Sara Siestreem is a Hanis Coos artist from the Umpqua River Valley of Oregon’s southern coast. Her primary language is painting but also works in photography, printmaking, drawing, sculpture, video, and traditional Indigenous weaving. Siestreem created and runs a weaving program for the Coos, Lower Umpqua, and Siuslaw Indians. She teaches studio arts and Indigenous studies courses at Portland State University and community education courses at Pacific Northwest College of Art. Her work in institutional reform relates to curatorial and educational practices regarding Indigenous fine art.
About this painting:
"Umpqua Eden" is about an ancient village site at the mouth of the Umpqua River in Winchester Bay, Oregon. My ancestors have lived and fished in this place since the beginning of human history on this land mass. It has been vacant and waiting our return for a hundred and seventy years. This land was returned to us this year by the U.S. Government. This summer we will occupy it once again.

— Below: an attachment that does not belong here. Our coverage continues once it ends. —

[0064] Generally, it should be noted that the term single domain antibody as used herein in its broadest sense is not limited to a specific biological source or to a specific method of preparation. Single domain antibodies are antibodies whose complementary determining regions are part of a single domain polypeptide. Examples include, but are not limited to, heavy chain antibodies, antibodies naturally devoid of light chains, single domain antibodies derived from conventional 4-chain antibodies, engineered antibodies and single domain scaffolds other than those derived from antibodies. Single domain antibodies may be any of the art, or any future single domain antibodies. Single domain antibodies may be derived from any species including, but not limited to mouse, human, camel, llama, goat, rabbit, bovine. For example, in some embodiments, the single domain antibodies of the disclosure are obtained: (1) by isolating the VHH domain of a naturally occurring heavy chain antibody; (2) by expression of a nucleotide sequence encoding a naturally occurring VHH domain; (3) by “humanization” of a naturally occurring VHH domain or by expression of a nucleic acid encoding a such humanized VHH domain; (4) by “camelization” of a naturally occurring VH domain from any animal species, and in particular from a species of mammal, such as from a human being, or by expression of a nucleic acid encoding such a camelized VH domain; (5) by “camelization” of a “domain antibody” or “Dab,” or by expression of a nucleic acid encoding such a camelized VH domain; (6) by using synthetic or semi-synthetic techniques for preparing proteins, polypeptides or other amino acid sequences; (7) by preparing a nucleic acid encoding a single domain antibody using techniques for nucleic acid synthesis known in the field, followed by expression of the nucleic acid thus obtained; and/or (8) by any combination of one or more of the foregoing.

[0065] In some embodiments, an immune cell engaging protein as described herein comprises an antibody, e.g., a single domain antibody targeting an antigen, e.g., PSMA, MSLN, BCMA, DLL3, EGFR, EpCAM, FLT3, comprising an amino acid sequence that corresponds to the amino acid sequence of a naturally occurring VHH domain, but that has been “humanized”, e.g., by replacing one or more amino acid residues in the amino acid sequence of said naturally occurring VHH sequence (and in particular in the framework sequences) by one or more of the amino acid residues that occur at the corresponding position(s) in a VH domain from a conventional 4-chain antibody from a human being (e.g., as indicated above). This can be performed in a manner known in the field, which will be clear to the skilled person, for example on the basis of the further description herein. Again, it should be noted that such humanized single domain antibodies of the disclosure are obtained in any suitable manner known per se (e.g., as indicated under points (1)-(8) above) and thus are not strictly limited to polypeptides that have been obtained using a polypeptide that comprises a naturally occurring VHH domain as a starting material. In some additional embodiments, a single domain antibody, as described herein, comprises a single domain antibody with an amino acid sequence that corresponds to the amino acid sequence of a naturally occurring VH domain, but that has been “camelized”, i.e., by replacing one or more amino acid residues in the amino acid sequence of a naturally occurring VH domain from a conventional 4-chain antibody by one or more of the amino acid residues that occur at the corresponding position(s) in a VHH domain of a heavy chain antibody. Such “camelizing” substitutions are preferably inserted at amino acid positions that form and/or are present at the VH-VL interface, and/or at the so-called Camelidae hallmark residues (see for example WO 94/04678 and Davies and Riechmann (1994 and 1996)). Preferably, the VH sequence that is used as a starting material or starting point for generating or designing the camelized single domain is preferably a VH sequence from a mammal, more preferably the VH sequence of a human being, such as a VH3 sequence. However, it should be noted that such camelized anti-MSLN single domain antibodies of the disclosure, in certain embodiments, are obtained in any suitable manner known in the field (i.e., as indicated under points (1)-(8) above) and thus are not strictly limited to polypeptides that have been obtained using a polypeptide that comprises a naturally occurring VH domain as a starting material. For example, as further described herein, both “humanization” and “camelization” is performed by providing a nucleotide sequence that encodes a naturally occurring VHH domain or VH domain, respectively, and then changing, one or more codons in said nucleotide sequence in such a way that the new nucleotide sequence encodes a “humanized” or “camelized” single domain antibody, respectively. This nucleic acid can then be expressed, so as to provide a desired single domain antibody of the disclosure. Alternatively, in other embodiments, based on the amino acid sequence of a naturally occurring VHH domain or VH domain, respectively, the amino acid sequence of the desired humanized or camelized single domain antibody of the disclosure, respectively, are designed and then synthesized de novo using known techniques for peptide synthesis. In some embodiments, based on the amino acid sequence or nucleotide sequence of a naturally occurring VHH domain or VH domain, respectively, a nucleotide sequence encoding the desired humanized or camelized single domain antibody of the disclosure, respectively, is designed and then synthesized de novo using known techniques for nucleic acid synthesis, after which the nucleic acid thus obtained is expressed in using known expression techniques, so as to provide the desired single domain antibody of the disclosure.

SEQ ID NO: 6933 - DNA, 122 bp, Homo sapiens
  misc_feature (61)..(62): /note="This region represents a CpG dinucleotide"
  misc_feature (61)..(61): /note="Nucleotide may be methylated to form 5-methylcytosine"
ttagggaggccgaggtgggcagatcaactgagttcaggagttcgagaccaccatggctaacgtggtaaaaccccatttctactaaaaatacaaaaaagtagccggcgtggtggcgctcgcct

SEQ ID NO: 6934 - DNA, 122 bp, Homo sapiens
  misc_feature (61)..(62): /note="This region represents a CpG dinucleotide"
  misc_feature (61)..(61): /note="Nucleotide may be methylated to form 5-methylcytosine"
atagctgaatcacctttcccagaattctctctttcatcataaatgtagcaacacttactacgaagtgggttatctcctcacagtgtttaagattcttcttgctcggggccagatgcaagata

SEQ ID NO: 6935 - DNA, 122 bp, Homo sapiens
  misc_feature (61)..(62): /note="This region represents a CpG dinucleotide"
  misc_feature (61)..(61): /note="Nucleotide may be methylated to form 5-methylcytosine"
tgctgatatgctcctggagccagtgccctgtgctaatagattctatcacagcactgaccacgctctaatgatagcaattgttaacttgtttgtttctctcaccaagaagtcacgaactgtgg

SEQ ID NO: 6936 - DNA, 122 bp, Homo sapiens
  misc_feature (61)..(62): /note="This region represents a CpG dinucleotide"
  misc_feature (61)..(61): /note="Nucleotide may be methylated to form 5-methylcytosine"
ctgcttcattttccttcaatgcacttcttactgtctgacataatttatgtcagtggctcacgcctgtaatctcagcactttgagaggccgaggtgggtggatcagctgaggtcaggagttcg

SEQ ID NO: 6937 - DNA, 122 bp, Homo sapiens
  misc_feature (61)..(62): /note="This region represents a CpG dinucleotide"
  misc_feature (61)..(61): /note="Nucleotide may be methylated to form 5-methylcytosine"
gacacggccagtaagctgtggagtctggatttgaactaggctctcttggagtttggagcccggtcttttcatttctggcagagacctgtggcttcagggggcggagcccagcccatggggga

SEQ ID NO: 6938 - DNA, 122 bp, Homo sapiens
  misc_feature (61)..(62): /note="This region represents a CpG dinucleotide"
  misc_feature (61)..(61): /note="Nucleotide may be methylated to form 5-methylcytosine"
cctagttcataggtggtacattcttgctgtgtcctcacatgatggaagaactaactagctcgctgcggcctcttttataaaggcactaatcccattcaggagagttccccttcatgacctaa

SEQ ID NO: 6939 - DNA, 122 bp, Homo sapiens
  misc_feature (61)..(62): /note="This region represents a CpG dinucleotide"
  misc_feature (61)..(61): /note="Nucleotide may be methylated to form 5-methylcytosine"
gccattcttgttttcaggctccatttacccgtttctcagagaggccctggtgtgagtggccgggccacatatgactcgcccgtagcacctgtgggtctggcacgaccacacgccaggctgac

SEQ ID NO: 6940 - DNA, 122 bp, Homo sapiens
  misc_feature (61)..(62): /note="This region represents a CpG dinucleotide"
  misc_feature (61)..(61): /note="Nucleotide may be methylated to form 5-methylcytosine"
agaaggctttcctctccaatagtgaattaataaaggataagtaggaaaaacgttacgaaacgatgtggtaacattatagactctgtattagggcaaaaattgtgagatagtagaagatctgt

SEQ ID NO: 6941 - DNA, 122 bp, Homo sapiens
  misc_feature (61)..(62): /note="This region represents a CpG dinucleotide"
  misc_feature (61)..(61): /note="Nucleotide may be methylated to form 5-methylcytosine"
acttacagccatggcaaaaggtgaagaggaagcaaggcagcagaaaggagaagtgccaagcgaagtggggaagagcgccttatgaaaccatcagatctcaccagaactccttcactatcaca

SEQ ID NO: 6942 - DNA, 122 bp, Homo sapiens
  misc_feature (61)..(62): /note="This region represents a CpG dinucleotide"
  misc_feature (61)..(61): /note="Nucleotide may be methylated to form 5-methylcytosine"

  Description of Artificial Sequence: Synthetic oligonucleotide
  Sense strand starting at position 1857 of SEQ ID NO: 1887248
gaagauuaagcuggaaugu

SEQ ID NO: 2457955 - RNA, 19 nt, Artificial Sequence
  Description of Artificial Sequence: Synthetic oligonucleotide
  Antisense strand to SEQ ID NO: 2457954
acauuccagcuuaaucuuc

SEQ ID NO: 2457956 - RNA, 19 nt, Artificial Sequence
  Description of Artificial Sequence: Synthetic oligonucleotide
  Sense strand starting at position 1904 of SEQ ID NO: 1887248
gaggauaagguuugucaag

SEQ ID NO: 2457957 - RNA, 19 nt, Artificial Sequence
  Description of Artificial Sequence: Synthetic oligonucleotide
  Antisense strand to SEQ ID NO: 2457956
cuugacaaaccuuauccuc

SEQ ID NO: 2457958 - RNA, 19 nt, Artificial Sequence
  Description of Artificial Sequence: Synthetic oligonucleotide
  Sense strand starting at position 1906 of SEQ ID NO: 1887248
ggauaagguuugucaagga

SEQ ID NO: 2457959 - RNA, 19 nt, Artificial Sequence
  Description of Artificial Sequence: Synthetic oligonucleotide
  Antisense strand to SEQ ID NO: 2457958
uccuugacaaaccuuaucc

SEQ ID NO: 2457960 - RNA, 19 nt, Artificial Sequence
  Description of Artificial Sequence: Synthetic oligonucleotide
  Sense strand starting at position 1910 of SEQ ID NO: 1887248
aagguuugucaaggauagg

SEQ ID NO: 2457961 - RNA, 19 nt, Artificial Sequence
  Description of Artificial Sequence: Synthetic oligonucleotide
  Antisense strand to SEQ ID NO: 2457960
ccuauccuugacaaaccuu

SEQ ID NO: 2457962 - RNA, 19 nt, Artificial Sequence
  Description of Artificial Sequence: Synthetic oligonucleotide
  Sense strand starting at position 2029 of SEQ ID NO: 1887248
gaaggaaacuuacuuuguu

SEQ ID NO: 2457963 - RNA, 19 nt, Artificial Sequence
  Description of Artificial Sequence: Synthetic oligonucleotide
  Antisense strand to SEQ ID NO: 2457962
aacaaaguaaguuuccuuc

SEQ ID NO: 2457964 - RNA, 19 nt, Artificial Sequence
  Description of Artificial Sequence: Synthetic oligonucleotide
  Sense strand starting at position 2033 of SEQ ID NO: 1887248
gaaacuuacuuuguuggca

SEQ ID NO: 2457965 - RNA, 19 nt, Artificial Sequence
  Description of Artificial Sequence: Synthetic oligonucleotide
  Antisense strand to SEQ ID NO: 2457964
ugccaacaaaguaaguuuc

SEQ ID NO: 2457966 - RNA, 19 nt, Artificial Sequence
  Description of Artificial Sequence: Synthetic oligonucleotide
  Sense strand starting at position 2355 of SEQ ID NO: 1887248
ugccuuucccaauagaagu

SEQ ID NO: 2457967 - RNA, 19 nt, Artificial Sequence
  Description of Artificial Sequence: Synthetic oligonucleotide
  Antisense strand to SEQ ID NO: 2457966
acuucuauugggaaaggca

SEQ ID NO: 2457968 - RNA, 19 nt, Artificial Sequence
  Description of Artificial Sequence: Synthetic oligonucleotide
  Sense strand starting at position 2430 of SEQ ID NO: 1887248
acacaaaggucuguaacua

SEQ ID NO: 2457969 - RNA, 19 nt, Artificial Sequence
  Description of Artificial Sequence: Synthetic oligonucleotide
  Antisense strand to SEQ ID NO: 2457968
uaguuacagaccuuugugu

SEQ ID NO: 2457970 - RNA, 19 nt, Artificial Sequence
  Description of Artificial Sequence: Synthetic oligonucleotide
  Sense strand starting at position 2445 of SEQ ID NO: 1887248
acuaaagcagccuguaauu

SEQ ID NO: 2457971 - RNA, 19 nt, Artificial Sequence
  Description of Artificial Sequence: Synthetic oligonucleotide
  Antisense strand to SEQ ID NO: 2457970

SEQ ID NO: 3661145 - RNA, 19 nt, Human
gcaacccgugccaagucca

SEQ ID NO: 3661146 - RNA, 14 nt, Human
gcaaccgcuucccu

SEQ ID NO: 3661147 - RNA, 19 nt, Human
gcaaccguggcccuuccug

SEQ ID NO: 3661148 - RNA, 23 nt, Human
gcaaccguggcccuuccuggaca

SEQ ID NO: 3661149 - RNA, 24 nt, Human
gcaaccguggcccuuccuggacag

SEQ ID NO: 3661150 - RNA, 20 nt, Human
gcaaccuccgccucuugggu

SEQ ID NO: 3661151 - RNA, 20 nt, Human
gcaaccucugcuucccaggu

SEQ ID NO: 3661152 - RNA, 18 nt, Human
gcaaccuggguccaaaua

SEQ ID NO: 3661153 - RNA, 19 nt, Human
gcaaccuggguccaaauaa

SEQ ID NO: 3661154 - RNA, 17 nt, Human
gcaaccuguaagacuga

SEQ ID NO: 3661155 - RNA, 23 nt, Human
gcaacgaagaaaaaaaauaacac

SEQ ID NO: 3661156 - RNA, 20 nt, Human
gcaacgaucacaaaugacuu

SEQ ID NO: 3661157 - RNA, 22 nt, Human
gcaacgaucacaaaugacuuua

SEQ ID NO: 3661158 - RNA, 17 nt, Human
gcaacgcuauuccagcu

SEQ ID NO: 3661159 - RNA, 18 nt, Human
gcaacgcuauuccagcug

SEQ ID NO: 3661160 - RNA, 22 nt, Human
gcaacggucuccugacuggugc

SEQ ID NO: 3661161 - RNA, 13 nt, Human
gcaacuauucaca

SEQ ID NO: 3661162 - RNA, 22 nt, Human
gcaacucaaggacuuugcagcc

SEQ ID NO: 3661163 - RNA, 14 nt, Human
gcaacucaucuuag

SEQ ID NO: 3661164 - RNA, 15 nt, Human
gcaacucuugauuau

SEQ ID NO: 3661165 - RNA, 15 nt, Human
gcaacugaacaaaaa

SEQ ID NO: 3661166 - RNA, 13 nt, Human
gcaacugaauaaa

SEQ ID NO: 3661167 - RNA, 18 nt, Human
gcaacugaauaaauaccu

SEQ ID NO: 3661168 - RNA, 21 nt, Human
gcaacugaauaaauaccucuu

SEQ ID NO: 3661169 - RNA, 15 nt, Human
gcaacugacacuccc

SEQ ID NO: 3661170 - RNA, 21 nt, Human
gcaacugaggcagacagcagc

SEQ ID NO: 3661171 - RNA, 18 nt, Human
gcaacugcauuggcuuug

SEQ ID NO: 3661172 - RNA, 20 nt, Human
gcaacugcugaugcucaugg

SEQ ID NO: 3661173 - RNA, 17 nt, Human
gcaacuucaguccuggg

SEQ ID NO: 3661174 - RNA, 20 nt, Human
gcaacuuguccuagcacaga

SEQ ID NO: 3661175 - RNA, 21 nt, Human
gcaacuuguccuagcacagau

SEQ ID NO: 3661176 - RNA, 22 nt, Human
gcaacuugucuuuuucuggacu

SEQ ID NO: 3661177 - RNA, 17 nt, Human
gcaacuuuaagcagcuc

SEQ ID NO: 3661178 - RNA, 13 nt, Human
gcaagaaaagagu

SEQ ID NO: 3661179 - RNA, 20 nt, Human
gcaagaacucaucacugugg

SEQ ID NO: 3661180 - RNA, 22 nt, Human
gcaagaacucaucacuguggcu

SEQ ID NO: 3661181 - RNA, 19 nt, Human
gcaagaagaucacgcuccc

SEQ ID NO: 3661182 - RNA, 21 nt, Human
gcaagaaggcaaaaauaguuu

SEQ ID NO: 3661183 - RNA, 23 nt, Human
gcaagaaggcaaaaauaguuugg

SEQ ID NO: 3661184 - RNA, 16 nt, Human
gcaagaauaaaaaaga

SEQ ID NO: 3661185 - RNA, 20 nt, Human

About her process:
"I make abstract paintings. My painting process is based on observations of Nature combined with a
formal structure and improvisational practice. I recognize that Nature generates new life through rhythmic cycles of elemental interaction. I see this in biologic life cycles, geologic and hydrodynamic events, and in the astronomic elements that affect the seasons.
"My second observation of Nature is that basic designs repeat themselves from one form to the next
structurally; matter organizes itself in predictable and repetitive ways. Informed by the first observation, I follow a formal structure in my painting practice. I combine color field painting, gesture drawing, and color theory. These three elements represent a natural system, a rhythmic cycle.
"Through combining these elements, I am seeking my second observation. As I create a visual noise
through this improvisation I am looking for basic forms from nature to emerge. When something elemental shows itself to me, I refine the picture plane to support that event. My hope is that in the same way we receive an energetic charge from contact with the land, other animals or a natural event, these paintings will affect the viewer."